Competent teachers today – and there are very few – teach exactly what Paul taught (“the ideal teaching” – I Timothy 4:6) using his exact words translated concordantly:
        “And what things you hear from me through many witnesses, these commit to faithful men, who shall be COMPETENT to teach others also” (II Timothy 2:2). and . . .
        “Have a pattern (literally, stencil) of sound words, which you hear from me, in faith and love which are in Christ Jesus” (II Timothy 1:13). “Bride of Christ” is not a pattern of sound words. We certainly didn’t hear it from Paul.
        Our destiny as Christ’s body is celestial – we have an expectation reserved for us in the heavens (Colossians 1:5). Figuratively, God the Father now blesses us with every spiritual blessing among the celestials, in Christ . . .” (Ephesians 1:3).
        http://www.atruergod.com Another interesting book: “Genesis Characters and Events in Ancient Greek Art.” http://www.genesisingreekart.com


  2. Hey Alex,
    So I read your blog post and I was just wondering what your final conclusion was. I’m sure you explained it well enough, I just got a little confused at the end. I was just wondering if you could help me understand. So is what the article saying is that there is an eternal, conscious torment for those who don’t have Christ as Saviour? And the end of the discussion is where I got a bit confused. So What was the end meaning again? Don’t worry I’m not looking to argue or anything, I just want to be clear so I’m not misunderstanding you. I’m going to go back and re read it just to make sure I got it clearly. Thanks!

    Liked by 1 person

    1. Thanks for commenting Chris! My conclusion is that in the ages to come, God doesn’t need to hide evil people out of sight from the saints (nor annihilate them, nor let them cease to exist) but that instead, God will continue to pursue the lost/sick/deluded until each and every created being is rescued.

      This rescue is something everyone will freely accept because the further someone walks away from the Source of all that is good, worthwhile, robust, and lasting, the more unstable their life becomes. The Good brings life, joy, & meaning, whereas evil is inherently unstable, it collapses, it shatters, it falls apart, revealing that it’s utterly pointless, boring, disappointing, unattractive, undesirable, & repulsive—utterly unchoosable. As the Prodigal Son shows, delusions take time to break but break they must as darkness cannot withstand Light, ignorance & lies cannot withstand Truth, hate cannot withstand Love, death cannot withstand Life, and evil cannot withstand Good.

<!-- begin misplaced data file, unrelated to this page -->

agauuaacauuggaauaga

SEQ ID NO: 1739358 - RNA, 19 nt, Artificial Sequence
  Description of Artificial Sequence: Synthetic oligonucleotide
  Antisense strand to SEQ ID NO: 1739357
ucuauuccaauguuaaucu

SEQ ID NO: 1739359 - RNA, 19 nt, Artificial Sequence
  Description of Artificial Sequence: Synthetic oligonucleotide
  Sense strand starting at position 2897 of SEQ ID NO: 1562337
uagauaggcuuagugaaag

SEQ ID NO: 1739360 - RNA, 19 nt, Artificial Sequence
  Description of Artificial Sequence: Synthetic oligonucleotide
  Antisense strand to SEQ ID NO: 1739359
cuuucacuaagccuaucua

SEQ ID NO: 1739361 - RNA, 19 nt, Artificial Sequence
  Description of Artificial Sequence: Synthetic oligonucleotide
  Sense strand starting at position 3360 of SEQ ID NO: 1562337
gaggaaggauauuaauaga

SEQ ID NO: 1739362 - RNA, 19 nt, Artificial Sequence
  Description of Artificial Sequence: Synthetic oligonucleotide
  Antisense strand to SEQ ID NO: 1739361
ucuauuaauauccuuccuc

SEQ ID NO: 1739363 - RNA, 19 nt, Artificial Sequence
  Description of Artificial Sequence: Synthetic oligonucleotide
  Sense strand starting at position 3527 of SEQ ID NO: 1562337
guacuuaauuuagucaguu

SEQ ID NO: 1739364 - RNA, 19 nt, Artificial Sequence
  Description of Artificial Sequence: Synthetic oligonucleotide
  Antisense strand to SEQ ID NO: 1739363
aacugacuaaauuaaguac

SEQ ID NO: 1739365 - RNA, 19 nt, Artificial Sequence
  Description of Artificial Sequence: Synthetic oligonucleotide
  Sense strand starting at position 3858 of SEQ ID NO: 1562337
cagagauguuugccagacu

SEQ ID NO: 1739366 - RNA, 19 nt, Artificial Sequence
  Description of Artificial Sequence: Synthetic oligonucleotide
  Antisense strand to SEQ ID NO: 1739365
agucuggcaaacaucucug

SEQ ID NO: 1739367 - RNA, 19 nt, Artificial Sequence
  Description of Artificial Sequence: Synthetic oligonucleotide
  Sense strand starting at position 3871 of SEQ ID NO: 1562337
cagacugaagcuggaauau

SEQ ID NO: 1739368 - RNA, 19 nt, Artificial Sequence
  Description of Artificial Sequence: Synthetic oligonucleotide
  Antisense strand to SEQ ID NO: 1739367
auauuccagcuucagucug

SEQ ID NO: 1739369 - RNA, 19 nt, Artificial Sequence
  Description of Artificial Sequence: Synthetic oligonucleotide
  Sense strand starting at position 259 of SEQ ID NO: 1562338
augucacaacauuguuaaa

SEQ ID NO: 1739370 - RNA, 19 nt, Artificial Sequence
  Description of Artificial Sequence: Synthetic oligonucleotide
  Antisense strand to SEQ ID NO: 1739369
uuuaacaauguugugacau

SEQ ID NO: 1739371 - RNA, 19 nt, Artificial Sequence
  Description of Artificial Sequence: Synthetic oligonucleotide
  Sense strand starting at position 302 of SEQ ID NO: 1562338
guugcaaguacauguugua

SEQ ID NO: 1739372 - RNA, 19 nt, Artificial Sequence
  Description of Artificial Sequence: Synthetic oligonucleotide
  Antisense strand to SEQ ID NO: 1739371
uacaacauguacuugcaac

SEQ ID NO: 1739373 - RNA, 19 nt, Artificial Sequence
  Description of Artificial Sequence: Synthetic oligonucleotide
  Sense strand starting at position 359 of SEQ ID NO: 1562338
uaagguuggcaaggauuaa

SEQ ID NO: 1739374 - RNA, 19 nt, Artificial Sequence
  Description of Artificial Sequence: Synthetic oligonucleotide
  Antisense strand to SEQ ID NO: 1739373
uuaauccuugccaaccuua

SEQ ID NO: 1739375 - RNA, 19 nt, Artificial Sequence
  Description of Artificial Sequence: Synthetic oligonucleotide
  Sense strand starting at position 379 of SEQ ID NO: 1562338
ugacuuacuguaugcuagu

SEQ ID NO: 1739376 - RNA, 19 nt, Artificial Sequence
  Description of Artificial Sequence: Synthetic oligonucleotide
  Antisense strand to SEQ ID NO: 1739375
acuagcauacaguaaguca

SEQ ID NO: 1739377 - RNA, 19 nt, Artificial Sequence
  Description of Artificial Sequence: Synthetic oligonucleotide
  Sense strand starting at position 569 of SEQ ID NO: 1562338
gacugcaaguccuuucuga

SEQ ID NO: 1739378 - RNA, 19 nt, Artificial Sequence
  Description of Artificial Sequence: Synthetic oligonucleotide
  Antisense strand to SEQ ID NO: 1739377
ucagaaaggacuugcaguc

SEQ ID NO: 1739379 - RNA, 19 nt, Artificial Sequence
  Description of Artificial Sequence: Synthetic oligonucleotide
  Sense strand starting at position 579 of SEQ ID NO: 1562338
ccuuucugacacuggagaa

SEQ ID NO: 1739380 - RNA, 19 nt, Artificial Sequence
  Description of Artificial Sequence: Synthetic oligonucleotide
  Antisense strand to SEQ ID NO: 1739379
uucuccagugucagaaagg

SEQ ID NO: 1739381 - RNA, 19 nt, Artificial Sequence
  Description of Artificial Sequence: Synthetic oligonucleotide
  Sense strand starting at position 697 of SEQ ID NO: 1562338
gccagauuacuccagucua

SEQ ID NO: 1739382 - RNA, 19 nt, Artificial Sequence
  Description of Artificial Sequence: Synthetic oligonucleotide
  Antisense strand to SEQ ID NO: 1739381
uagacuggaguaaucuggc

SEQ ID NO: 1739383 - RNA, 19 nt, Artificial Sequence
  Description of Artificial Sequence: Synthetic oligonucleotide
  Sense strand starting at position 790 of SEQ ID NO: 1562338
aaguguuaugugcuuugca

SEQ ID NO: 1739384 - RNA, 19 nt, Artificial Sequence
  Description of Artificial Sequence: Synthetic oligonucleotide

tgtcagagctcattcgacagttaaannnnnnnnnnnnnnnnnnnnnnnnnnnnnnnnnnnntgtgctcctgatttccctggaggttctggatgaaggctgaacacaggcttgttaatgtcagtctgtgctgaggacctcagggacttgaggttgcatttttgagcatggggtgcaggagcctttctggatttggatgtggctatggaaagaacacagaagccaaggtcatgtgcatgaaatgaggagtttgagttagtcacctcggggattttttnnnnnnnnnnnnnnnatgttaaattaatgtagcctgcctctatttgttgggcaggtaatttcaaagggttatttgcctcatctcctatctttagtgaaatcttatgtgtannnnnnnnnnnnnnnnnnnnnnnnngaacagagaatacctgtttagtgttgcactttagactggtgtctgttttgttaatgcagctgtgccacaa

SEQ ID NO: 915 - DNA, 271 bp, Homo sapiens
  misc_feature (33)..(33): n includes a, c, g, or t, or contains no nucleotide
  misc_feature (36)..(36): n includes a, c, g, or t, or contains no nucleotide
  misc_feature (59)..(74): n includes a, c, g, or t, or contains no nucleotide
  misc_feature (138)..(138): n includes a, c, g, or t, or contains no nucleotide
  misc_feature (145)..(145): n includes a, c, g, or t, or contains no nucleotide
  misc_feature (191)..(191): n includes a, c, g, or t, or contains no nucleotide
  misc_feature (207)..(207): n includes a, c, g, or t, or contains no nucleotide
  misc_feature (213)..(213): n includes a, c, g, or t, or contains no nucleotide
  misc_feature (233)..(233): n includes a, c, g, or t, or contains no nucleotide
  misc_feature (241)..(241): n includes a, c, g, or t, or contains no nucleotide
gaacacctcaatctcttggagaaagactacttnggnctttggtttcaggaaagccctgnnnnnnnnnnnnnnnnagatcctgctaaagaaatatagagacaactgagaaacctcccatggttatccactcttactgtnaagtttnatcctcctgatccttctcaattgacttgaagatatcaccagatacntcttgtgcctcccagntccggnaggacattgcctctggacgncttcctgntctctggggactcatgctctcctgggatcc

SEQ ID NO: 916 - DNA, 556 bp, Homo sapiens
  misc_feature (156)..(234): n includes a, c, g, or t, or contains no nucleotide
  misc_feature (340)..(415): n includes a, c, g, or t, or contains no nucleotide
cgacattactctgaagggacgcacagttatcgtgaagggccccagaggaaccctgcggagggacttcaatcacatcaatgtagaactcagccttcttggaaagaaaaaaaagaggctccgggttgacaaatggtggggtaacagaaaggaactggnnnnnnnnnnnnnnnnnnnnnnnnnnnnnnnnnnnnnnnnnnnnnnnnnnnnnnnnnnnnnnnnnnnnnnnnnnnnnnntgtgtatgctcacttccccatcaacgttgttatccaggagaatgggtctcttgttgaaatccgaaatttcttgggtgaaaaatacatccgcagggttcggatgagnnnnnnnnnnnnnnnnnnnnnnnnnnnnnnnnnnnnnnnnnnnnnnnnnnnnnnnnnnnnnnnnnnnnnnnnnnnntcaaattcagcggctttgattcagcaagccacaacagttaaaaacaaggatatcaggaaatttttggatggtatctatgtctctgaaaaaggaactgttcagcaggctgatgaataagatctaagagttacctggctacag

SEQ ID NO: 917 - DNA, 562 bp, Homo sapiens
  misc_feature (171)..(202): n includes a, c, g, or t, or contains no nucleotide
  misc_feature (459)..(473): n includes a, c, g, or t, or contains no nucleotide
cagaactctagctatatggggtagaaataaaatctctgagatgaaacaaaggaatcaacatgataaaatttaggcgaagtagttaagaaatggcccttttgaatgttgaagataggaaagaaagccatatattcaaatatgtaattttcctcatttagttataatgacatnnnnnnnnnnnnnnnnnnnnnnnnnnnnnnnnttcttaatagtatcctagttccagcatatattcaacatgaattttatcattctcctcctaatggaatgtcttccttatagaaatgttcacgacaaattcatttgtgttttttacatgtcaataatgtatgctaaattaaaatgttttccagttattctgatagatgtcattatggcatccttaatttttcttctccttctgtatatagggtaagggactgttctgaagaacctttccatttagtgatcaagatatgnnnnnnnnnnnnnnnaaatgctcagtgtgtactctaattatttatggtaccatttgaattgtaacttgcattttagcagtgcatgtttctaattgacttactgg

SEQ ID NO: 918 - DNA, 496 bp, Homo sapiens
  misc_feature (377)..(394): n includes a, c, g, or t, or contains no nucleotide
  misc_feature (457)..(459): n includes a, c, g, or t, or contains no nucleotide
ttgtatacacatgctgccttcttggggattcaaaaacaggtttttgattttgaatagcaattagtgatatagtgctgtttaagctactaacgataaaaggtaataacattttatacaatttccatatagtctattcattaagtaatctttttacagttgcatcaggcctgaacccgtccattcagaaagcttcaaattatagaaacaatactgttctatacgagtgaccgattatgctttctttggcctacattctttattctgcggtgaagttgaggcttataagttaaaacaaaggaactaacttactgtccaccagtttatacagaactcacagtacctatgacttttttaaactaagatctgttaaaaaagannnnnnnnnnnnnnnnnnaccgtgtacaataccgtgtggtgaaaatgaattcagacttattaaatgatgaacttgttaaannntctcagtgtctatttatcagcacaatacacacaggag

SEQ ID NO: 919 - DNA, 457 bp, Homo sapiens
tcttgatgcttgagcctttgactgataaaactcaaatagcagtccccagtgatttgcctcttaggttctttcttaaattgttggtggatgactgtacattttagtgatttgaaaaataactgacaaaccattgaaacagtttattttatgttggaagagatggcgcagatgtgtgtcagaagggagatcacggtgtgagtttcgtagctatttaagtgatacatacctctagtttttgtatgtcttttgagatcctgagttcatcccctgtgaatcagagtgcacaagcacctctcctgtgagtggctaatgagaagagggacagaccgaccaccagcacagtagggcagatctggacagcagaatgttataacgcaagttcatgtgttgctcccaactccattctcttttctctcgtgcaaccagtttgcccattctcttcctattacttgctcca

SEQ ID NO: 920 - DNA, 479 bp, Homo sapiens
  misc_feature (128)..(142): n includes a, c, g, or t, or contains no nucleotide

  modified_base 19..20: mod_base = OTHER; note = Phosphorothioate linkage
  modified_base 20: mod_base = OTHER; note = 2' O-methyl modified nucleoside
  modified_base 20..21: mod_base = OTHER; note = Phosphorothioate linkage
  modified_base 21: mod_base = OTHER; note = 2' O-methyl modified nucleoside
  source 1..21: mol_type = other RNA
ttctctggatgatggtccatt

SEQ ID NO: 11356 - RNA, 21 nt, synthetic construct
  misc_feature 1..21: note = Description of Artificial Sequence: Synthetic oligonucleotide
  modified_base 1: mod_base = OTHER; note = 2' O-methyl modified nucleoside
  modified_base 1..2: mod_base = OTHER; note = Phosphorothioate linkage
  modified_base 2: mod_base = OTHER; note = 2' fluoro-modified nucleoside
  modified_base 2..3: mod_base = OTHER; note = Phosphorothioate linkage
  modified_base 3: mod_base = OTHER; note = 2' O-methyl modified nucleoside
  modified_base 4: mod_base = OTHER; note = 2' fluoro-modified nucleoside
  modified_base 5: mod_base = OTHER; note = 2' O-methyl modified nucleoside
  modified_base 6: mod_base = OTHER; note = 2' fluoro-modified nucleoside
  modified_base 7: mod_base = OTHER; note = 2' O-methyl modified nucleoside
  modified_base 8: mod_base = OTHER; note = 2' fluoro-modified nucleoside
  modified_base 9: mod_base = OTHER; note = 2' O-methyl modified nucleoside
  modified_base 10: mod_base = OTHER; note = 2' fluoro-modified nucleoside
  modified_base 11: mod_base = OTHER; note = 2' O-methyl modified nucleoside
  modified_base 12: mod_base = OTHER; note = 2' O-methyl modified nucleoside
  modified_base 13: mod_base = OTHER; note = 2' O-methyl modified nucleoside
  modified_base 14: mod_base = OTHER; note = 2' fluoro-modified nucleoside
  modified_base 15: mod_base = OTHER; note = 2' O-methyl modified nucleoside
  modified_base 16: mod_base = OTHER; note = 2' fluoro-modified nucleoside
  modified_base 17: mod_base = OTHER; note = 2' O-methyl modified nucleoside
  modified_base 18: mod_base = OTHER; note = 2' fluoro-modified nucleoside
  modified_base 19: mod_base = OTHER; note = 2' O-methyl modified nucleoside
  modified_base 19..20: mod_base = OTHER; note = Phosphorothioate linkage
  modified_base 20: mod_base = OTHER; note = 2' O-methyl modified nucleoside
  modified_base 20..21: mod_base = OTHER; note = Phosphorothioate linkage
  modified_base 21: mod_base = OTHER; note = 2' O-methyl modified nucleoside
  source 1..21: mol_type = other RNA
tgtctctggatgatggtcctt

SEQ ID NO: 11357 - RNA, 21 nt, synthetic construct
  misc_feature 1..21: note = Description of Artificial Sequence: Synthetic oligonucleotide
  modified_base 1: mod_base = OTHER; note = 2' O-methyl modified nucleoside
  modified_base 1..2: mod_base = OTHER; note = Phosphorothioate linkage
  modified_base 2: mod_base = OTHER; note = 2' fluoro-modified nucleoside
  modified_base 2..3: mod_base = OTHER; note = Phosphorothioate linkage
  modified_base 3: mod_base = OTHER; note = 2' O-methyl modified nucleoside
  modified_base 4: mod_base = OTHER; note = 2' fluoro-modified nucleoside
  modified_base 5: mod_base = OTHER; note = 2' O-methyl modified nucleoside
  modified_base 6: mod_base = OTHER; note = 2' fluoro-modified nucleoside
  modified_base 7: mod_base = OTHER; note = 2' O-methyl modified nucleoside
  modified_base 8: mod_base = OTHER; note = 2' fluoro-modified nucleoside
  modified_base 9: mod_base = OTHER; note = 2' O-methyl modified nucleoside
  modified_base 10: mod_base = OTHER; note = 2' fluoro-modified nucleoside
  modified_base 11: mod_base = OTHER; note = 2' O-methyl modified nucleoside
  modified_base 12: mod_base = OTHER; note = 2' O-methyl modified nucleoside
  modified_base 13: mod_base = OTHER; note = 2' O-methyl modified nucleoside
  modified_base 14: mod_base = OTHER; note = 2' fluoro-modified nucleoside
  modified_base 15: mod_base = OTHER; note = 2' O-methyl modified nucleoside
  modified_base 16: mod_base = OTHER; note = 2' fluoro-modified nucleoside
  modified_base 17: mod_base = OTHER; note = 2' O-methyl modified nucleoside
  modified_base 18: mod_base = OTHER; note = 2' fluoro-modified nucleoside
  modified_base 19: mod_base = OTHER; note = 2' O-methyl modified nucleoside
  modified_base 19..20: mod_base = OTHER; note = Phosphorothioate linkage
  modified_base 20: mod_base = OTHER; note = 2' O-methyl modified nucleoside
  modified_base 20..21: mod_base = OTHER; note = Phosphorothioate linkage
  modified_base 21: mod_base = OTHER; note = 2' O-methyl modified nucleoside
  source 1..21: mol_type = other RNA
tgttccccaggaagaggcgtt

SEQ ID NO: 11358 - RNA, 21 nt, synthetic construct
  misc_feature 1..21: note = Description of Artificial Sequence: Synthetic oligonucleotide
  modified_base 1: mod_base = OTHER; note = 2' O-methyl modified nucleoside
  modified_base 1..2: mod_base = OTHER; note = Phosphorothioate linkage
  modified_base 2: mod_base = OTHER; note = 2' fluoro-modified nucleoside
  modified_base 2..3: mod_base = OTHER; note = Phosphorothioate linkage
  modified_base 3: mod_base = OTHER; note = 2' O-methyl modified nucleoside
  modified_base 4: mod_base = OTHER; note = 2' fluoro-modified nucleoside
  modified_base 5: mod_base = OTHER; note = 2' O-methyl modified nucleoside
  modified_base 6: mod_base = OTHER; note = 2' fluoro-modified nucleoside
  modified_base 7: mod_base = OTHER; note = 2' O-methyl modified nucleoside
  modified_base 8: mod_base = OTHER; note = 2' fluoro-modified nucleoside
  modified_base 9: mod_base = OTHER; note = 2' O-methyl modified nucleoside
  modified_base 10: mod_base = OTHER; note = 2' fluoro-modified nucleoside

So while there probably will be a period of conscious torment for most people (primarily self-inflicted, although I think God is also actively disciplining like a good parent, “pruning” like a diligent gardener, “purging” like a skilled metalworker, correcting like a wise teacher, “operating” like an experienced surgeon, “shaping” like a creative potter, & punishing like a just judge), that will finish when God becomes “all in all” (1 Corinthians 15:28).


      1. Hmmm…… So hell is more a purgatory/limbo state and all will eventually come to Christ? That would be awesome. But it’s just not biblical.

        Daniel 12:2 says, “And many of those who sleep in the dust of the earth shall awake, some to everlasting life, and some to shame and everlasting contempt.”

        Matthew 25:31-46 says, “When the Son of Man comes in his glory, and all the angels with him, then he will sit on his glorious throne. Before him will be gathered all the nations, and he will separate people one from another as a shepherd separates the sheep from the goats. And he will place the sheep on his right, but the goats on the left. Then the King will say to those on his right, “Come, you who are blessed by my Father, inherit the kingdom prepared for you from the foundation of the world.” . . . Then he will say to those on his left, “Depart from me, you cursed, into the eternal fire prepared for the devil and his angels. . . . And these will go away into eternal punishment, but the righteous into eternal life.””

        2 Thessalonians 1:5-10 says, “This is evidence of the righteous judgment of God, that you may be considered worthy of the kingdom of God, for which you are also suffering—since indeed God considers it just to repay with affliction those who afflict you, and to grant relief to you who are afflicted as well as to us, when the Lord Jesus is revealed from heaven with his mighty angels in flaming fire, inflicting vengeance on those who do not know God and on those who do not obey the gospel of our Lord Jesus. They will suffer the punishment of eternal destruction, away from the presence of the Lord and from the glory of his might, when he comes on that day to be glorified in his saints, and to be marvelled at among all who have believed, because our testimony to you was believed.”